Dive into the timeless tradition of making eggnog at home, a classic, family-friendly holiday beverage that everyone will love!
Eggnog, our favorite rich and creamy drink, often finds its way to our tables during the holiday season. Its velvety texture, combined with a hint of spice, speaks of tradition, gatherings, and shared moments of joy. The beauty of eggnog lies in its simplicity, which can be effortlessly prepared in any kitchen. Whether you’re craving a quiet moment with a good book or looking to be the star of your holiday gathering, a glass of homemade eggnog never disappoints.
Frequently Asked Questions
Eggnog is traditionally made uncooked, with raw eggs. Store bought eggnog is pasteurized for food safety reasons. To keep this drink safe for everyone, we’ve written this recipe as a cooked version.
To make an uncooked eggnog:
Whisk egg yolks, sugar, cloves, and nutmeg in a large mixing bowl. Replace the cinnamon sticks with 1/2 teaspoon ground cinnamon, and whisk them in with the egg yolks. Gradually pour in milk, cream, and vanilla extract, whisking until thoroughly combined.
While plant-based milks and egg-replacement products have gained popularity, we haven’t tested them specifically for this recipe. Making dairy-free or egg-free eggnog isn’t just about a simple ingredient swap; the consistency, flavor, and behavior of plant-based milks and eggs can differ significantly from dairy milk. To ensure the best results, we recommend using a recipe specifically designed for your specific dietary needs.
Certainly. If you want a more intense spice flavor, you can add extra cinnamon.
For a lighter flavor, adjust the cinnamon down.
A typical serving size is about 4 to 6 ounces (1/2 to 3/4 cup) per person. However, if you know your guests have a particular fondness for it, you might want to prepare a bit extra!
Eggnog should not be frozen. Due to its rich and creamy consistency, the ingredients can separate when thawed, compromising its texture and flavor.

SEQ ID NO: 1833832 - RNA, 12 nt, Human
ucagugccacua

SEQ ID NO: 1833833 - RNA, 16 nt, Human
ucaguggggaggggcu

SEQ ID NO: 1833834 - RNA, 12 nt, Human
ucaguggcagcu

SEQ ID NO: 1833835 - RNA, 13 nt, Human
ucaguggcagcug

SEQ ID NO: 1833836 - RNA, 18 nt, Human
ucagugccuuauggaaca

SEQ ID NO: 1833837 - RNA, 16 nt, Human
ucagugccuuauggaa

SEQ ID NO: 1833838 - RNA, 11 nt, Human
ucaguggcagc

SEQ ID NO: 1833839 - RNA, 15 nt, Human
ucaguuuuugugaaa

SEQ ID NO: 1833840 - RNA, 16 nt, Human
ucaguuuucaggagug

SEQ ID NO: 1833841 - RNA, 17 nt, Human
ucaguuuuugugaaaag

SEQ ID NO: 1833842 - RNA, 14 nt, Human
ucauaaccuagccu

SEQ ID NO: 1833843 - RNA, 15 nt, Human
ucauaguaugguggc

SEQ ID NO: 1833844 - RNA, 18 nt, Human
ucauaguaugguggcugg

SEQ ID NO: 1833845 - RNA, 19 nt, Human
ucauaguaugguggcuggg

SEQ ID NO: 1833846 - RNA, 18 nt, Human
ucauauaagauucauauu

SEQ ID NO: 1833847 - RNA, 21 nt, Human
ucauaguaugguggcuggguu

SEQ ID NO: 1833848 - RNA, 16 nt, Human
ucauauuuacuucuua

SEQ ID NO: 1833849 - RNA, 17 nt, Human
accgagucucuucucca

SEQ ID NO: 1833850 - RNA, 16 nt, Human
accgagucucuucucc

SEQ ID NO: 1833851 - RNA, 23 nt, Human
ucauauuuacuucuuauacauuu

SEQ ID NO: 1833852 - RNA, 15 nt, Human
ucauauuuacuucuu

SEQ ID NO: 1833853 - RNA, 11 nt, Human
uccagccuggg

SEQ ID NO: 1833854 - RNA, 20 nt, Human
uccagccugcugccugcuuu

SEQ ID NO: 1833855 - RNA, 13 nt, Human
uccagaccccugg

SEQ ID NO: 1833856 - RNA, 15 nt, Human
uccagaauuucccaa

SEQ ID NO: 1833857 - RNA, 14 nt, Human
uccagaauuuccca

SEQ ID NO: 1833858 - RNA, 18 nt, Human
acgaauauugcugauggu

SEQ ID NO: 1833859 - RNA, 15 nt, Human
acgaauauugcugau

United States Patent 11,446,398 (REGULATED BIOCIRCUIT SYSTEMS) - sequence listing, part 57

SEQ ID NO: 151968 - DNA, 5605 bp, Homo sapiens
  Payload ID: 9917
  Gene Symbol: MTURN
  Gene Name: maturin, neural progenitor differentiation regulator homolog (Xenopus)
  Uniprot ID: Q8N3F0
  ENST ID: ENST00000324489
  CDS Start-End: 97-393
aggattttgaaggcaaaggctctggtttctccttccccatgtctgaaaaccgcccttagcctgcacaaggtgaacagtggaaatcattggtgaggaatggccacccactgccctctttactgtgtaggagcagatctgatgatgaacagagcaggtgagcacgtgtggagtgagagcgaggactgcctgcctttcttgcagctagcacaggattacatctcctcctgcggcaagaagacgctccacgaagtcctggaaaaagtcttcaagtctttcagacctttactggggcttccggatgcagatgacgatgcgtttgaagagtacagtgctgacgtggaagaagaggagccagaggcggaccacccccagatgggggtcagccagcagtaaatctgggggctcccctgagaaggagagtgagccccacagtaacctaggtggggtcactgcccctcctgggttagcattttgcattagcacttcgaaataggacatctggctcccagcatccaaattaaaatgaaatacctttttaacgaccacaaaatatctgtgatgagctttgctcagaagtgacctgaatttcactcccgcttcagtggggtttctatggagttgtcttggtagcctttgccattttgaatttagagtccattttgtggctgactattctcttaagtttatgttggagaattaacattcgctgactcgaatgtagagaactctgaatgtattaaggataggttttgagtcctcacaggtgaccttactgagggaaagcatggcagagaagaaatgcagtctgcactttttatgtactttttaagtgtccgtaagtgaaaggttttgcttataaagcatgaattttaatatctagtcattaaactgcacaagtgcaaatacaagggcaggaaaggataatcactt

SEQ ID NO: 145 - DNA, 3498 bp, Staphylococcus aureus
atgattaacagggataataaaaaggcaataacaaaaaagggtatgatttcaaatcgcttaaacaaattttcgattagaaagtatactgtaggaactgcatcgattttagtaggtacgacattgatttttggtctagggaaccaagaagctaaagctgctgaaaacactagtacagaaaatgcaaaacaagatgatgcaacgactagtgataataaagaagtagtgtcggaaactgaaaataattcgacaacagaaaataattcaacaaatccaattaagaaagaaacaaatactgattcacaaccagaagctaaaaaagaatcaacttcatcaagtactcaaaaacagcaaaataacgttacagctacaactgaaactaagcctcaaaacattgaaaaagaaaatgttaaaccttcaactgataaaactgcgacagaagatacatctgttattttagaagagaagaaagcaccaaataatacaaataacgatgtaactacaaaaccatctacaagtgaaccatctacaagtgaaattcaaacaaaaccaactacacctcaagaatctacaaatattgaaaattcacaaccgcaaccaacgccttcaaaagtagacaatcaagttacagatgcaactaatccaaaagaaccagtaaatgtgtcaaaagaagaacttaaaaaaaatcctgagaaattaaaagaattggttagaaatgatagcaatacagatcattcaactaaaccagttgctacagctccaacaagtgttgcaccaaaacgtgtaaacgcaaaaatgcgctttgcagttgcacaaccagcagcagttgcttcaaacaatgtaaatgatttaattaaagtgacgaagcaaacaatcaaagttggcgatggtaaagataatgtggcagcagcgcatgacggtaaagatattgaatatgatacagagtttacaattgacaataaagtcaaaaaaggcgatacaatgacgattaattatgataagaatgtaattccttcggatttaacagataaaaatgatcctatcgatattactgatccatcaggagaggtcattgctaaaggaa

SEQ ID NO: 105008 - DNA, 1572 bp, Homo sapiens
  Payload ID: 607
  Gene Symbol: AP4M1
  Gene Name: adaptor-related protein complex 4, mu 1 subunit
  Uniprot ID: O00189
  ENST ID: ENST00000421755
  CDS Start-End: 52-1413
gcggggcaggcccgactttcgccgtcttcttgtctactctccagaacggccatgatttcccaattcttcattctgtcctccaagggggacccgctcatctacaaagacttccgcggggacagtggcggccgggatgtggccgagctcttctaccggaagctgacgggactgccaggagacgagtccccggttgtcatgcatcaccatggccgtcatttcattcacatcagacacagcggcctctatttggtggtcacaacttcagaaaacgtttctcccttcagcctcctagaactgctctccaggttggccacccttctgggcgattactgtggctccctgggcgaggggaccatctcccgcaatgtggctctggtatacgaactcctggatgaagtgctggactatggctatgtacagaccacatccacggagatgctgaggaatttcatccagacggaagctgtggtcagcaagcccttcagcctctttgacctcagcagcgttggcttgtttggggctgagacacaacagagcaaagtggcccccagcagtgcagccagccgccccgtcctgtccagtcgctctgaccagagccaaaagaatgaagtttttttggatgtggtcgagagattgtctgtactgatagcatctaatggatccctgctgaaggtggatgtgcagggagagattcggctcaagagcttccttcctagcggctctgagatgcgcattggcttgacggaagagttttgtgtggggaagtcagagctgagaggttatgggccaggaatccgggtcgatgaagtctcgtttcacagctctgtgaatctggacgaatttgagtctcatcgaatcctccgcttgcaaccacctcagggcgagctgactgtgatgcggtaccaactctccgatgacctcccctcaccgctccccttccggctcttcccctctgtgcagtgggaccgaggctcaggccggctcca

Yes, you can add alcohol to this eggnog for a spiked adult beverage. What type and how much alcohol to add is a matter of personal preference. Dark rum, cognac, and bourbon are all traditional options. For a fun twist try Fireball whiskey.
- Overcooking: Eggnog should never be boiled. Gentle heating is key to avoid curdling.
- Lumps in Eggnog: Continuous whisking is essential for a smooth and creamy consistency.
Tips From the Chef
- Use fresh, high quality egg yolks for a richer taste and smoother consistency.
- Whisk continuously while combining ingredients for a lump-free, velvety eggnog.
- If adding alcohol, taste the eggnog first to ensure the flavor is to your liking.
Always store the eggnog in an airtight container in the refrigerator. How long it will last for depends on the freshness of the milk and cream used.
For best results, do not use milk or cream that is near its expiration date, as your eggnog will also expire soon.
Watch the video below where Rachel will walk you through every step of this recipe. Sometimes it helps to have a visual, and we’ve always got you covered with our cooking show. You can find the complete collection of recipes on YouTube, Facebook Watch, or our Facebook Page, or right here on our website with their corresponding recipes.